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wire worms — The Grow Network Community
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wire worms

Gail HGail H Posts: 240 ✭✭✭

I just saw something on MI Gardener about starting carrots. I figure if he's starting them already in Michigan, I should get moving here in South Jersey. My only problem is that our soil has wire worms. (That's what the farmers around here call them. I'm not sure of the exact species.)

Because of the wire worms, I have a difficult time growing carrots, beets, burdock, sweet potatoes and the like. The only year that I ever got good carrots was the year that I did straw bale gardening. It is nearly impossible to get organic straw and I worry that I would have persistent herbicides if I didn't use organic.

I am thinking of getting large plastic tubs to plant carrots in and using bagged soil, but that hardly seems sustainable and would be a lot of plastic.

Any suggestions?

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Comments

  • LeediafastjeLeediafastje WA State, Olympic Mtns, Zone 8Posts: 69 ✭✭✭

    There are several "How to grow carrots in containers" videos on youtube. Whatever you decide to use, hopefully you can use it every year for many years.

  • silvertipgrizzsilvertipgrizz Posts: 1,602 ✭✭✭✭✭

    @Gail H Wow I have no idea what a wire worm is or I would chime in like an expert ??? 🤔

  • KarinKarin New ZealandPosts: 256 ✭✭✭

    There are some companion plants that discourage wire worms - I think growing onion with your carrots is one. Ok sorry, just checked and onions discourage carrot fly. Possibly the "worms" are the maggots of the carrot fly? I have read that mothballs crumbled into the soil where you plant your seed can help, also pungent herbs like rosemary and wormwood.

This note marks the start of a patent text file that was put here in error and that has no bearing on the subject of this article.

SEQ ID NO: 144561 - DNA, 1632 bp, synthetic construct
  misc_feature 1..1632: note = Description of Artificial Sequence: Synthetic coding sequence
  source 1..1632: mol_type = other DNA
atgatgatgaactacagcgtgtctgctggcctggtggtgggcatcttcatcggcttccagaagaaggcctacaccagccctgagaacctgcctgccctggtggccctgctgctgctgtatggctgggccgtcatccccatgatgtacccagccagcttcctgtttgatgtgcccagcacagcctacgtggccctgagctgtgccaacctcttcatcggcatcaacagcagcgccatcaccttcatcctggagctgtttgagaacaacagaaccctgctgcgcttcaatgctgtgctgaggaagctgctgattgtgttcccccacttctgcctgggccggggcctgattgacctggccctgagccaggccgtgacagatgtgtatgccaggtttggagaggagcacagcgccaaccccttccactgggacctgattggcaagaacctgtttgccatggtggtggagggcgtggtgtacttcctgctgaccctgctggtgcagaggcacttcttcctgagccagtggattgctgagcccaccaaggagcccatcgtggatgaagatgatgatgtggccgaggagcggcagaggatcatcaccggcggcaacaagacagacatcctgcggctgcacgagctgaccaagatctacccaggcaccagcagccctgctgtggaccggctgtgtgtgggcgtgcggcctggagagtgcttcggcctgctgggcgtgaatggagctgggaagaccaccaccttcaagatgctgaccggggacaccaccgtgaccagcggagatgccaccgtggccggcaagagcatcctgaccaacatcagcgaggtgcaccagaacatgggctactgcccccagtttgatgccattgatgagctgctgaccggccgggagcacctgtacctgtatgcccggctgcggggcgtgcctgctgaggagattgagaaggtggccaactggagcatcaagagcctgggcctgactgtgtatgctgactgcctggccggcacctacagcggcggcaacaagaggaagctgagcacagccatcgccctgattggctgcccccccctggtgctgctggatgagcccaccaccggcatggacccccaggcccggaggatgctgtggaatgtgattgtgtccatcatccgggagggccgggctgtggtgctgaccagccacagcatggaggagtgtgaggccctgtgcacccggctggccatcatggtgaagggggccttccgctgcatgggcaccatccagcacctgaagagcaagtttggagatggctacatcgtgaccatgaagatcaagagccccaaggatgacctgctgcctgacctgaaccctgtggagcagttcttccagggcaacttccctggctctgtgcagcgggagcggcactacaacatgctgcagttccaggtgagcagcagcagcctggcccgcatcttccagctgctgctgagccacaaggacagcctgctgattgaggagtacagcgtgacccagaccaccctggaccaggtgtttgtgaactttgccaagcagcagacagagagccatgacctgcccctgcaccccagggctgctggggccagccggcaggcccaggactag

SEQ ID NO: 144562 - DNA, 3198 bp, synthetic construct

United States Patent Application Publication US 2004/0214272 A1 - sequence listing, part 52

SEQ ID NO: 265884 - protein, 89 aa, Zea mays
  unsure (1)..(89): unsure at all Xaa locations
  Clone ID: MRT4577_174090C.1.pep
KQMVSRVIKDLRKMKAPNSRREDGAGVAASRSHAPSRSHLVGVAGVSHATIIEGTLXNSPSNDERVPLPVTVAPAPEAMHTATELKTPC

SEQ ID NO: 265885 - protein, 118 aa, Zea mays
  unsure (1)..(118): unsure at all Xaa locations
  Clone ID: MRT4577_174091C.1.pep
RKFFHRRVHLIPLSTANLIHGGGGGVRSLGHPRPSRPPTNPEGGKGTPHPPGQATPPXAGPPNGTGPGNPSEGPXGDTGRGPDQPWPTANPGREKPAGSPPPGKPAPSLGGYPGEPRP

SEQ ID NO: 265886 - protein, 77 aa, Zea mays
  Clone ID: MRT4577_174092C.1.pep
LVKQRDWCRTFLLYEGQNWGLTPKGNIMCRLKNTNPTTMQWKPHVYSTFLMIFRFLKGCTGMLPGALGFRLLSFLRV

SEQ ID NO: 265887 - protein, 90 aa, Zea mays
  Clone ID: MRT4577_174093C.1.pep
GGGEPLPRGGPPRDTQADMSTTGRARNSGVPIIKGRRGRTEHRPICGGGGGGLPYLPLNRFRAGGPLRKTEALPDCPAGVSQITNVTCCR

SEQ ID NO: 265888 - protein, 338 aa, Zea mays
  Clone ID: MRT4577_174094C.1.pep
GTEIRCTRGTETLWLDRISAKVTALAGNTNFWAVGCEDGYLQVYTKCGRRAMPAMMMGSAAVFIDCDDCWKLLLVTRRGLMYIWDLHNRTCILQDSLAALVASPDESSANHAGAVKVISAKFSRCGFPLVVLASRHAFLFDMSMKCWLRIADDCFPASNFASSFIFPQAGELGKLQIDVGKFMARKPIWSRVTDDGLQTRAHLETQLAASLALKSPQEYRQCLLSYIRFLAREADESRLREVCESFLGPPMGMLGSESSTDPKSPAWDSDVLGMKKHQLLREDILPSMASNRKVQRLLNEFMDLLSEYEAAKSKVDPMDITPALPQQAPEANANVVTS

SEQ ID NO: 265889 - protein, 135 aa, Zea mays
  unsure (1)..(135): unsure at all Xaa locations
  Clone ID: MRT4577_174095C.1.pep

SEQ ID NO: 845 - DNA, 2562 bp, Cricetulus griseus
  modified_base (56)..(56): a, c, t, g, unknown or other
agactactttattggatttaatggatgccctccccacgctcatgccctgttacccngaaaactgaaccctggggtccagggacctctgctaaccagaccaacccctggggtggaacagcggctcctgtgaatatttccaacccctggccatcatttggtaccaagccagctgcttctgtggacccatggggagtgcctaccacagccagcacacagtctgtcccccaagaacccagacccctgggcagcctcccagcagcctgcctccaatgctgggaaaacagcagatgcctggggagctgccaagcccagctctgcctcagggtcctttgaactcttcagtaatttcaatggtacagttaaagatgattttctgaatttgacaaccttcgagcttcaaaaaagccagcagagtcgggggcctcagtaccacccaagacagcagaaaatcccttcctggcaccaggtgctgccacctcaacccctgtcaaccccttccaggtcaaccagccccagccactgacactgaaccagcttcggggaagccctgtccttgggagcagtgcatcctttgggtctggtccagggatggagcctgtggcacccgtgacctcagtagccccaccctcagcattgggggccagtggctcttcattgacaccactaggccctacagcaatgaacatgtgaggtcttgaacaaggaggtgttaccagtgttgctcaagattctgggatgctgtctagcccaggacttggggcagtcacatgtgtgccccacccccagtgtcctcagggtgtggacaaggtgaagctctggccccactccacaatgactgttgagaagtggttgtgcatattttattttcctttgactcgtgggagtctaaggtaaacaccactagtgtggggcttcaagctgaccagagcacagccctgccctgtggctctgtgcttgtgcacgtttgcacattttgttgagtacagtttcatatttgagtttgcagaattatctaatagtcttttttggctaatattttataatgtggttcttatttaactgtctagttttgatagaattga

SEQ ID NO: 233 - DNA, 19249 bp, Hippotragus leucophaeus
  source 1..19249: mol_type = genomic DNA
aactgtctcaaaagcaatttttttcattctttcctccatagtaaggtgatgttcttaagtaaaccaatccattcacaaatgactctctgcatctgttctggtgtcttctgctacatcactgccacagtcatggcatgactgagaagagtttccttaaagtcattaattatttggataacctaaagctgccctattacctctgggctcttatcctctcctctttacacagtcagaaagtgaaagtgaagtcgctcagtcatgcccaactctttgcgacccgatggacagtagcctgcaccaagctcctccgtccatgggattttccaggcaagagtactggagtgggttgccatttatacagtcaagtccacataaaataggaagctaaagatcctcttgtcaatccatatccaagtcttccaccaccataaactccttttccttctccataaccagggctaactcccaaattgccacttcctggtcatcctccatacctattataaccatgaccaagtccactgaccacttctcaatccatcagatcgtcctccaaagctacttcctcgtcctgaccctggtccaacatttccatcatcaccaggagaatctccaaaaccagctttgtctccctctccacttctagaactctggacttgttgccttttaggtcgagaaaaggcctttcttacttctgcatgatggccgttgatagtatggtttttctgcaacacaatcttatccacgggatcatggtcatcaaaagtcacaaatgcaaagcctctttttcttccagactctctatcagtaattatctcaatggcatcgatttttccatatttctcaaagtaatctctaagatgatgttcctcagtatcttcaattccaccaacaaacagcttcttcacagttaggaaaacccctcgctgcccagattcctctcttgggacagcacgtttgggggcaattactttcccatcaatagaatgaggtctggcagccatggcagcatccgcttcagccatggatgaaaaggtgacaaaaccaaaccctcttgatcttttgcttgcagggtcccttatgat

• silvertipgrizzsilvertipgrizz Posts: 1,602 ✭✭✭✭✭

    @Gail H I found some links for you re the wire worm:

    It's been awhile since I've seen the guy teaching on this link but if he is the one I remember watching some vid's a time back, he is very interesting to watch on the tube and sure knows how to propagate basil and on and on...

    and one more:

    Thanks for bringing up this topic as I never heard of this pest in all the years I've been gardening. I hope something in these links is the answer you are looking for..


  • nksunshine27nksunshine27 IdahoPosts: 267 ✭✭✭

    @Gail H have you tried food grade diatomaceous earth

  • Gail HGail H Posts: 240 ✭✭✭

    Thank you all for the help and suggestions. I will toast you with a glass of carrot juice if I get a bumper crop!

  • solarnoon.aspensolarnoon.aspen Posts: 159 ✭✭✭

    A good friend of mine has talked about her wire worm infestation. It's not fun. She seems to have them in certain places, though, so she can identify a site to work on. Basically, she found that those critters are really attracted to potatoes. So she cuts some up and puts them underground and in a few days, the worms have gravitated to the potatoes which she digs up and disposes of.

    ALso, I feel some of the reason I don't have them is because my chickens REALLY like to eat them. I wouldn't say chickens are perfect companions for the garden when left to their own devices, however, a good chicken scouring in the springtime does eliminated a bunch of less beneficials.

  • LaurieLovesLearningLaurieLovesLearning Moderator Manitoba, Canada 🍁 zone 3, PrairiesPosts: 2,377 admin

    Don't use mothballs as they contain formaldehyde. I would not grow in plastic nor tires because of chemical contamination.

    My insect loving daughter says that wire worms turn into click beetles...ah, I see that's already been mentioned. You can turn these beetles upside down and they make a clicking sound as they flip themselves over. Fun to watch, but the kids also learned that the beetles will bite.

    I also wondered if you might have certain root maggots too considering that you mentioned specific root veggies. I would go after both.

    It looks like the links above should give you lots of help. Good luck!

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